Nostalgia with Margaret Watson: There was so little crime in Dewsbury and every community had their own bobby on the beat.
Margaret Watson writes: We went to bed knowing that our bobby on the beat would be patrolling the area, and we knew we were safe.
And when we went out at night to the pictures or the pub, we knew we could walk home without fear of being mugged. In fact, the word mugging wasn’t even in our vocabulary.
We could also go to bed without even locking the door, but then we didn’t have much to steal did we?
I’m sure our deep sense of security came from knowing that every night the police were patrolling our neighbourhood on foot to protect us and our property.
It was always a comforting sight watching our local bobby checking shop doors to make sure they were secured, and looking into dark places and passageways at night to see if anything suspicious was going on.
We took all this for granted because there was so little crime and every community had their own bobby on the beat.
When you went on holiday, you could ask the police in your locality to check your house at night, and during Dewsbury Feast Week, extra police patrols were put on duty to keep an eye on vacant houses.
In fact I didn’t know one person who had a burglar alarm in our neighbourhood, not even the well-to-do, who, unlike us, had quite a lot of stuff worth stealing.
Most of the police officers in Dewsbury were local lads who had attended local schools and they stayed in the town all their lives.
They saw children across the road, patrolled the park, visited pubs to make sure there was no under-age drinking and there were always a couple of officers on duty at dance halls to make sure there was no rowdy behaviour.
I remember seeing them standing at the top of the steps of the Ben Riley Dance Hall in Dewsbury on Friday and Saturday nights keeping an eye out for trouble makers.
Their presence was enough to make the toughest of Teddy boys shake in their blue suede shoes.
Policing in Dewsbury has changed dramatically since the 1940s and 50s when all the policing was done on foot and there were no motor patrols at all.
Dewsbury had its own chief constable and he was chosen not by a distant police authority but by the local Watch Committee of the old Dewsbury town council.
Some time ago I told a young constable in Dewsbury that the town used to have its own chief constable and he wouldn’t believe me. He said I’d imagined it.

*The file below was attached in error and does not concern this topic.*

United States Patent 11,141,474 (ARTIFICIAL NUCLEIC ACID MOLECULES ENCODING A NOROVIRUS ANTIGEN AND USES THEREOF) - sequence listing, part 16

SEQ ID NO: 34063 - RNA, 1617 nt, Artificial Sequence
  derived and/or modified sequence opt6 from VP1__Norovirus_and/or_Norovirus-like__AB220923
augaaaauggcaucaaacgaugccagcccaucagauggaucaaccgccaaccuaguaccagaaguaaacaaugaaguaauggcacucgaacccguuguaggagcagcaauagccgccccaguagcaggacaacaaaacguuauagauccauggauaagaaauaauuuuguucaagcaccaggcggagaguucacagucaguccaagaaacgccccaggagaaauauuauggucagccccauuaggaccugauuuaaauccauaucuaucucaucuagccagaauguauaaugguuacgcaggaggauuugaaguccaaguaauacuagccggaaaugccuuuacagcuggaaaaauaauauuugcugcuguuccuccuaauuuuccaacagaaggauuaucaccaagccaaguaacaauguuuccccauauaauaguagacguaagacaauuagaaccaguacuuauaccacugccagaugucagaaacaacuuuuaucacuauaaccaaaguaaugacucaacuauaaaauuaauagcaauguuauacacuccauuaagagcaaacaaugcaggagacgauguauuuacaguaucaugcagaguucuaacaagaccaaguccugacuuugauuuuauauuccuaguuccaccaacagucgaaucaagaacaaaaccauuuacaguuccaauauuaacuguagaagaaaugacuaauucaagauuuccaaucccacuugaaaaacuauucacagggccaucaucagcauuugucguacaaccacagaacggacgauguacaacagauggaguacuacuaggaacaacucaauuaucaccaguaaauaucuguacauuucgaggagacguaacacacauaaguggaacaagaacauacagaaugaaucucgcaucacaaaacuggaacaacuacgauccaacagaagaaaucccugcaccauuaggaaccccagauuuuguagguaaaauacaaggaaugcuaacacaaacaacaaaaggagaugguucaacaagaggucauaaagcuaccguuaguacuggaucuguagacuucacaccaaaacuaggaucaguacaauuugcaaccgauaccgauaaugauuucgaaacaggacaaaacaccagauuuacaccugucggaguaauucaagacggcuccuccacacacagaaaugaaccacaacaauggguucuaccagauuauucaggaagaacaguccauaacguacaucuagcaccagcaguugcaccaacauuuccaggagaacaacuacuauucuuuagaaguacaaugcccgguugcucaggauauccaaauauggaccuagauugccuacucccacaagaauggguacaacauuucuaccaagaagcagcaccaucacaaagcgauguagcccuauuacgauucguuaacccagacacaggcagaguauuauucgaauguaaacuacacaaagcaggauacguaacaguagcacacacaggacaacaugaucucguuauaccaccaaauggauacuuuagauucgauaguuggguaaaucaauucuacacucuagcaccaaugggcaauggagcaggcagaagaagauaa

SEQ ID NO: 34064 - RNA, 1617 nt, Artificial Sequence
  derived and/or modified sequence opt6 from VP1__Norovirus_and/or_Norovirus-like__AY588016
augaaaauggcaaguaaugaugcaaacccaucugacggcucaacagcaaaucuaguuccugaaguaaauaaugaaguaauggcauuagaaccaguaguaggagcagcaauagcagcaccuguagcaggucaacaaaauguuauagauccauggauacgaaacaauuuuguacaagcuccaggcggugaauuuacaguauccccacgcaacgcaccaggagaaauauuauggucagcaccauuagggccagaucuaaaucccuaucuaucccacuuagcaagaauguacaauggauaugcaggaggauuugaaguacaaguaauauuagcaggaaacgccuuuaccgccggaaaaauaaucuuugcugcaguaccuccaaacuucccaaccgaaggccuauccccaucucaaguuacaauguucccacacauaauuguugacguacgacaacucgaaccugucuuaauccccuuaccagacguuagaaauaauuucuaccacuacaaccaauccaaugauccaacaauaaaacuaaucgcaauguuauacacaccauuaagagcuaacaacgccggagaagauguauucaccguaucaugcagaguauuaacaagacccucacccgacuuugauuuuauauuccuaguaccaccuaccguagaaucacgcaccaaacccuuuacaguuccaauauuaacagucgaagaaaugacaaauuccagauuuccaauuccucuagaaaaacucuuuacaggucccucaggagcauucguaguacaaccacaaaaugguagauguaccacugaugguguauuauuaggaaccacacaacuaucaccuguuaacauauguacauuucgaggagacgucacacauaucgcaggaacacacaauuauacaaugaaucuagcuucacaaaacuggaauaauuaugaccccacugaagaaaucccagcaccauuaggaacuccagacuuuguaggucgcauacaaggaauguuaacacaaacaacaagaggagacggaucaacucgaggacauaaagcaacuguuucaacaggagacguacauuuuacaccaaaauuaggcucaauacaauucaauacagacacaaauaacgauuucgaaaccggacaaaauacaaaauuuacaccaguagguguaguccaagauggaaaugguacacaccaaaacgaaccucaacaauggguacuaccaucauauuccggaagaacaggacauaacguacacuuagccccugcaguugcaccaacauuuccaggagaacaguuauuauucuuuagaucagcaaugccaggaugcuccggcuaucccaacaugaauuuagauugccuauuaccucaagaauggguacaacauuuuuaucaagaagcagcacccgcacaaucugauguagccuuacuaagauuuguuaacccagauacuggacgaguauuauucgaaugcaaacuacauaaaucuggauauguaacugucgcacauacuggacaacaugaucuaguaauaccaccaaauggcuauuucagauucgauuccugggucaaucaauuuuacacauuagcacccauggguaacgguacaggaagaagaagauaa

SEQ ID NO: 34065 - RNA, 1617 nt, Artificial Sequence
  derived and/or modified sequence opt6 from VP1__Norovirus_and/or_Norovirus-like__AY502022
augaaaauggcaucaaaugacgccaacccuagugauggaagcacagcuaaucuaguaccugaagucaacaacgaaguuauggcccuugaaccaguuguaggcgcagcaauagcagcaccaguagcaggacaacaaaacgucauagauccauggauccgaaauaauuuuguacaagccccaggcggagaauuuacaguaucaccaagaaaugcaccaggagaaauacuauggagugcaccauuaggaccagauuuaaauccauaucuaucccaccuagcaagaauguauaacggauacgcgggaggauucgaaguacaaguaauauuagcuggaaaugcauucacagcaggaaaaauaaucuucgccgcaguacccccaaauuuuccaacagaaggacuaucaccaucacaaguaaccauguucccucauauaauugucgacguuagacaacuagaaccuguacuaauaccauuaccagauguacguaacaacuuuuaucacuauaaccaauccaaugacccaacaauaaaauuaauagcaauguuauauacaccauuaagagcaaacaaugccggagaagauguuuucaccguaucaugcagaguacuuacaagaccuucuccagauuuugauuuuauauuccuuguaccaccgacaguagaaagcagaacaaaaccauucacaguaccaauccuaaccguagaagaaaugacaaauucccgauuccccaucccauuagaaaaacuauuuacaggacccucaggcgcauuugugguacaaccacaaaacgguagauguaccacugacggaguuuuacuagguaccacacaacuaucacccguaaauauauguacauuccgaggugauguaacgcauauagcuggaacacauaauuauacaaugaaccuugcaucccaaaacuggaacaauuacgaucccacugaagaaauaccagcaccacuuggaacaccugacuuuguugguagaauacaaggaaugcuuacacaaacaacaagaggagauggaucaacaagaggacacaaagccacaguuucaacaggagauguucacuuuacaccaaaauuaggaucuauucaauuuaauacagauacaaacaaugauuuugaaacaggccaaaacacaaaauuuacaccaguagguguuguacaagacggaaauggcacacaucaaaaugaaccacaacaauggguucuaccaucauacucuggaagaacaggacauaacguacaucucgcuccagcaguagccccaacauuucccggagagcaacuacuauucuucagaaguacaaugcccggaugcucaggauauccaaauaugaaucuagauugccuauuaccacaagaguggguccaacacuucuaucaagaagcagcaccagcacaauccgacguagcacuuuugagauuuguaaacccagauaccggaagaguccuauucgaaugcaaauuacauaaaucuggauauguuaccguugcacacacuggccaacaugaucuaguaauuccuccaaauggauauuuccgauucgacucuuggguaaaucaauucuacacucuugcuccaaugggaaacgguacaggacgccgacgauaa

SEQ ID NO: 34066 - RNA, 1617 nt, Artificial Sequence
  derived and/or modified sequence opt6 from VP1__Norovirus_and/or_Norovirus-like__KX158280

Many reading this column will remember when the police station was situated in Dewsbury Town Hall.
It wasn’t a separate building as police stations are today, but part of all the other offices connected with the running of the town, including the magistrate’s court.
The number of police officers totalled 70, including one chief inspector, three inspectors, six uniform sergeants, one detective sergeant and 57 constables, including two policewomen.
Out of this establishment there were four detective constables, which left 53 uniform constables, and there were also two civilian telephone operators and a civilian matron who looked after any women prisoners, and was also responsible for cleaning duties.
Readers may think I am looking back through rose-coloured spectacles at how things used to be in Dewsbury, but I certainly am not.
As a young reporter I saw exactly how things were and remember being told by my editor that I must always address the chief constable as ‘sir’ and treat all police officers with the utmost respect.
Also, every Friday morning our chief reporter would have a face-to-face meeting with the chief constable to talk about what was happening in Dewsbury and what their policing plan for that week was.
The entrance to the police station was in Railway Street, and upstairs was the chief constable’s and the chief inspector’s offices. The general office was downstairs.
The telephone room next door was manned by two women operators who worked in shifts, and at night the telephone was manned by a police constable.
The prison cells were also on the ground floor, and the food for prisoners was obtained from a cafe nearby or from the fire brigade canteen, which was just across the road.
The police garage was also situated nearby, but in the 1940s all it contained was an Alvis car, a police van, which in those days was called the Black Maria, and an ambulance, which was in the care of the police until the National Health Service was established in 1948.
The maintenance of these vehicles was looked after by two constables, and whenever necessary they drove the chief constable wherever he wished to go.
In fact the Alvis was used for little else other than the chief constable’s duties, and was only used for other duties in dire emergencies.
All policing in those days was done on foot, and the only police vehicle in main use was the police van.
Special duties were worked by officers in their own time, such as at dances and rugby matches. They had to police the ground, the car park, playing area and also perform traffic duty outside the ground.
Then they had to go and work their normal night shift, and their pay for special duties was then collected from the organisers of the functions mentioned.
Numbers of police officers in towns like Dewsbury were dramatically reduced in the mid-1970s when police forces merged, and most of the bobbies on the beat were replaced by patrol cars with radios.
I still miss seeing police officers on the beat, especially those we used to see regularly walking through Dewsbury town centre.
They really did give people a sense of security. Perhaps one day they will return regularly. We live in hope.